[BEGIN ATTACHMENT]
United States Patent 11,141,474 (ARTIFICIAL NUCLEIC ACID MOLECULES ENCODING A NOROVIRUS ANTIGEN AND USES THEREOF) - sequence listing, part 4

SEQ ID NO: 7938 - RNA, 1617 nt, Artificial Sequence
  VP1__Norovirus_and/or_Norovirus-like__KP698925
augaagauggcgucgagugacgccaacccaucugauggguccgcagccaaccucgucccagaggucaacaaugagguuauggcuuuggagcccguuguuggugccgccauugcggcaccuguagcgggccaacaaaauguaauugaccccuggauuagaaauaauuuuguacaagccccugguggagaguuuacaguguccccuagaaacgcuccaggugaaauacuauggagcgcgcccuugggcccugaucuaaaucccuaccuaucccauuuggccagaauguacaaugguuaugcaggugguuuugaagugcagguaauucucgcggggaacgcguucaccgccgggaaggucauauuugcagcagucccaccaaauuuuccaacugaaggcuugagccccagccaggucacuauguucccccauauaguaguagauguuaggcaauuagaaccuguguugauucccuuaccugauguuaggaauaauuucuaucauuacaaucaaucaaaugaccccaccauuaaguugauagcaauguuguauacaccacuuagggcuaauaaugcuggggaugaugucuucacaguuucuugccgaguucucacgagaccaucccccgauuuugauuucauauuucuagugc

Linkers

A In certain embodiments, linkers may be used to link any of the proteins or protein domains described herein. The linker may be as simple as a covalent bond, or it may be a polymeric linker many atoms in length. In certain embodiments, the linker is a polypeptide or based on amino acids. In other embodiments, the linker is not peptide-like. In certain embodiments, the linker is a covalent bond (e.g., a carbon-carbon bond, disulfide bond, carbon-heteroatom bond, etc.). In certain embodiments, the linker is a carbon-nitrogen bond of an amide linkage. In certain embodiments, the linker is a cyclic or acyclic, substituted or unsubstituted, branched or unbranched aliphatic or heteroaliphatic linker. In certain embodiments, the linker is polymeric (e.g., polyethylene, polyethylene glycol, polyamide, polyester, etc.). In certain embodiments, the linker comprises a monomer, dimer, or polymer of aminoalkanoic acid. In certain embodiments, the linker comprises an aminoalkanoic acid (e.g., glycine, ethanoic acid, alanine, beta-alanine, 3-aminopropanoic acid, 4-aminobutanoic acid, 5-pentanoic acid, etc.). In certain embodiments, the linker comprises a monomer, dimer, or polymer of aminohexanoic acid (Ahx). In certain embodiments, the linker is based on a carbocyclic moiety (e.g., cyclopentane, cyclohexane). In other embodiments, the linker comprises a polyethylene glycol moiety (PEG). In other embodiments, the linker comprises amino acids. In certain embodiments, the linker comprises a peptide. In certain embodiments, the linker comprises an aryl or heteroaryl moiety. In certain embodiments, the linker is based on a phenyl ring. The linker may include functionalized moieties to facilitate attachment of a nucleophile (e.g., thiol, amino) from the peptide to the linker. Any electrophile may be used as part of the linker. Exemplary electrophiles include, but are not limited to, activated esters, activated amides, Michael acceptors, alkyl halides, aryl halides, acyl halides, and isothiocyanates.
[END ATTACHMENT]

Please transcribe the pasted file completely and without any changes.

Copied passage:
United States Patent 11,141,474 (ARTIFICIAL NUCLEIC ACID MOLECULES ENCODING A NOROVIRUS ANTIGEN AND USES THEREOF) - sequence listing, part 4

SEQ ID NO: 7938 - RNA, 1617 nt, Artificial Sequence
  VP1__Norovirus_and/or_Norovirus-like__KP698925
augaagauggcgucgagugacgccaacccaucugauggguccgcagccaaccucgucccagaggucaacaaugagguuauggcuuuggagcccguuguuggugccgccauugcggcaccuguagcgggccaacaaaauguaauugaccccuggauuagaaauaauuuuguacaagccccugguggagaguuuacaguguccccuagaaacgcuccaggugaaauacuauggagcgcgcccuugggcccugaucuaaaucccuaccuaucccauuuggccagaauguacaaugguuaugcaggugguuuugaagugcagguaauucucgcggggaacgcguucaccgccgggaaggucauauuugcagcagucccaccaaauuuuccaacugaaggcuugagccccagccaggucacuauguucccccauauaguaguagauguuaggcaauuagaaccuguguugauucccuuaccugauguuaggaauaauuucuaucauuacaaucaaucaaaugaccccaccauuaaguugauagcaauguuguauacaccacuuagggcuaauaaugcuggggaugaugucuucacaguuucuugccgaguucucacgagaccaucccccgauuuugauuucauauuucuagugc

Linkers

A In certain embodiments, linkers may be used to link any of the proteins or protein domains described herein. The linker may be as simple as a covalent bond, or it may be a polymeric linker many atoms in length. In certain embodiments, the linker is a polypeptide or based on amino acids. In other embodiments, the linker is not peptide-like. In certain embodiments, the linker is a covalent bond (e.g., a carbon-carbon bond, disulfide bond, carbon-heteroatom bond, etc.). In certain embodiments, the linker is a carbon-nitrogen bond of an amide linkage. In certain embodiments, the linker is a cyclic or acyclic, substituted or unsubstituted, branched or unbranched aliphatic or heteroaliphatic linker. In certain embodiments, the linker is polymeric (e.g., polyethylene, polyethylene glycol, polyamide, polyester, etc.). In certain embodiments, the linker comprises a monomer, dimer, or polymer of aminoalkanoic acid. In certain embodiments, the linker comprises an aminoalkanoic acid (e.g., glycine, ethanoic acid, alanine, beta-alanine, 3-aminopropanoic acid, 4-aminobutanoic acid, 5-pentanoic acid, etc.). In certain embodiments, the linker comprises a monomer, dimer, or polymer of aminohexanoic acid (Ahx). In certain embodiments, the linker is based on a carbocyclic moiety (e.g., cyclopentane, cyclohexane). In other embodiments, the linker comprises a polyethylene glycol moiety (PEG). In other embodiments, the linker comprises amino acids. In certain embodiments, the linker comprises a peptide. In certain embodiments, the linker comprises an aryl or heteroaryl moiety. In certain embodiments, the linker is based on a phenyl ring. The linker may include functionalized moieties to facilitate attachment of a nucleophile (e.g., thiol, amino) from the peptide to the linker. Any electrophile may be used as part of the linker. Exemplary electrophiles include, but are not limited to, activated esters, activated amides, Michael acceptors, alkyl halides, aryl halides, acyl halides, and isothiocyanates.